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Phrase Thesaurus - ideas generator for writers

Phrase Thesaurus - ideas generator for writers

Medieval Names Archive This collection of articles on medieval and Renaissance names is intended to help historical re-creators to choose authentic names. These articles were gathered from various places, and some of them appear elsewhere. In all cases, the copyright on each article belongs to its authors. For frequent users, we offer a compact index; but please read the following introduction at least once. What's New Choosing a Medieval Name Choosing a medieval name is easy: Open any book on any aspect of medieval history, and there will be some names. To be honest, it isn't that easy. at least not if you truly want an authentic name. Good and Bad Sources It's also easy to get led astray by bad sources. Many people in the Society have written articles to help you choose an authentic name. The Problem Names Project Some names that many people think of as common to the Middle Ages or Renaissance are either purely modern or otherwise problematic. You can help! Table of Contents Personal Names in Specific Cultures

How To Bullshit Your Way Through Any Essay If there is one thing college kids neglect the most, besides basic diet and hygiene, it’s the homework assignment essay. Hastily written and utterly unedited the night before it’s due, the modern essay has become something of a nightmare for lackadaisical college students. But writing an essay that seems like it was written by someone with more than a double-digit IQ is not nearly as difficult as it seems, I assure you. Even the laziest Guitar Hero II god can whiz through an essay that reads like it was written by F. Scott Motherfucking Fitzgerald. 1)The introductory paragraph. 2)The thesis. 3)Topic sentences. 4)In-text quotes and citations. 5)The conclusion. Slap some page numbers on that bitch and load a bowl—your essay is done. The Thirty-Six Dramatic Situations The Thirty-Six Dramatic Situations is a descriptive list which was created by Georges Polti to categorize every dramatic situation that might occur in a story or performance. To do this Polti analyzed classical Greek texts, plus classical and contemporaneous French works. He also analyzed a handful of non-French authors. Publication history[edit] “Gozzi maintained that there can be but thirty-six tragic situations. This list was published in a book of the same name, which contains extended explanations and examples. The list is popularized as an aid for writers, but it is also used by dramatists, storytellers and many others. The 36 situations[edit] Each situation is stated, then followed by the necessary elements for each situation and a brief description. See also[edit] References[edit] External links[edit]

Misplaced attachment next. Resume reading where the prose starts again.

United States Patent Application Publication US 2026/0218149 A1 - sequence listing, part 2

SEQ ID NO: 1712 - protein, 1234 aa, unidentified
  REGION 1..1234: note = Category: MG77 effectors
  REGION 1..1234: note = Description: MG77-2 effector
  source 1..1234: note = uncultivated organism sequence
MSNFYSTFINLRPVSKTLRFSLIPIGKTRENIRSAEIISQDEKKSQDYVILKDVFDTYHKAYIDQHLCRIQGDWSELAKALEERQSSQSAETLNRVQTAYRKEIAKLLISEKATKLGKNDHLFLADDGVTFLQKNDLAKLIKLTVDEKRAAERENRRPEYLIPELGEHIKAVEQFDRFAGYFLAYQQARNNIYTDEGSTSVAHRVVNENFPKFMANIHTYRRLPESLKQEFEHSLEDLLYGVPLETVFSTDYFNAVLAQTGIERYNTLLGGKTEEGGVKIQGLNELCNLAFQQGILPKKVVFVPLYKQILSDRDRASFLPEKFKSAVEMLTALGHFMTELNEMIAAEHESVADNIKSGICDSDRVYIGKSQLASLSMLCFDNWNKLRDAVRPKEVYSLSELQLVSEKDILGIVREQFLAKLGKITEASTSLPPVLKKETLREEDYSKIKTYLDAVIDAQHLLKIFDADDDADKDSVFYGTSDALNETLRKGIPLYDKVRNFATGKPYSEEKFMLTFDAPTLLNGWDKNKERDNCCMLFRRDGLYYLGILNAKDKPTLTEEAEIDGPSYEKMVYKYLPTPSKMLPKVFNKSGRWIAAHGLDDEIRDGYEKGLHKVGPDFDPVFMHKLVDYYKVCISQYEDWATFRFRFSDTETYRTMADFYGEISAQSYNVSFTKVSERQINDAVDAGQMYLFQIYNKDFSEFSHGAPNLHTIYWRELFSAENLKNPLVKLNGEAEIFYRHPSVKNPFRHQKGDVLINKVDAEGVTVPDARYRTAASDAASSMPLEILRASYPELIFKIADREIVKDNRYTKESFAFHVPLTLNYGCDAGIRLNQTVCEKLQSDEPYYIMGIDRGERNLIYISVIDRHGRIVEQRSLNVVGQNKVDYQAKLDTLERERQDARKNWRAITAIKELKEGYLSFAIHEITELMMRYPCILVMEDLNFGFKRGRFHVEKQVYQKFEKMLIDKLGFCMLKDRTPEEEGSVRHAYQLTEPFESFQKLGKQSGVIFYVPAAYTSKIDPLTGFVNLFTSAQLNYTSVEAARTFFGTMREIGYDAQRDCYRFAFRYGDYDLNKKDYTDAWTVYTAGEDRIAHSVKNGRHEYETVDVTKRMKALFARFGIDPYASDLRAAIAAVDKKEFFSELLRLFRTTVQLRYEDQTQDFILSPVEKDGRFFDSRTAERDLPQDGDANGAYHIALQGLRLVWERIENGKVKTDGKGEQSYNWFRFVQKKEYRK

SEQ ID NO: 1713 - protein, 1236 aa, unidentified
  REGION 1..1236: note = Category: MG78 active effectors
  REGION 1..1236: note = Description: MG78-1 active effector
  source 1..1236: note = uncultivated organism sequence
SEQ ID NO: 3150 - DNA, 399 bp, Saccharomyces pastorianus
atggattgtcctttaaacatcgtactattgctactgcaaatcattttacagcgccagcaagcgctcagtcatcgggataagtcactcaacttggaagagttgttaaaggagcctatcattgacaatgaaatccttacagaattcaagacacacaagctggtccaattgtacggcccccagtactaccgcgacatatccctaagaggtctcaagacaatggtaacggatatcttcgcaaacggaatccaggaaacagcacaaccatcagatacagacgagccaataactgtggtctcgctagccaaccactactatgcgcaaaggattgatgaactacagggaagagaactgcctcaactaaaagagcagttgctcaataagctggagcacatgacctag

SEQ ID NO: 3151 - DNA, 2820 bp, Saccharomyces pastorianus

The Complexity of the Creative Personality | The Creative Mind - StumbleUpon Researcher Mihaly Csikszentmihalyi includes in his books and other writings descriptions of the diversity and multiple characteristics of creative people. In a post of hers, Juliet Bruce, Ph.D. notes that Mihaly Csikszentmihalyi (pronounced me-high chick-sent-me-high-ee) wrote, “If there is one word that makes creative people different from others, it is the word complexity. Instead of being an individual, they are a multitude.” “Like the color white that includes all colors, they tend to bring together the entire range of human possibilities within themselves. Here are a few qualities he lists, as Bruce summarizes: A great deal of physical energy alternating with a great need for quiet and rest.Highly sexual, yet often celibate, especially when working.Smart and naïve at the same time. Do you relate to any of these qualities? One of these intriguing areas is androgyny. The photo is actor Tilda Swinton, at the 2008 Oscars, where she won for her role in “Michael Clayton.”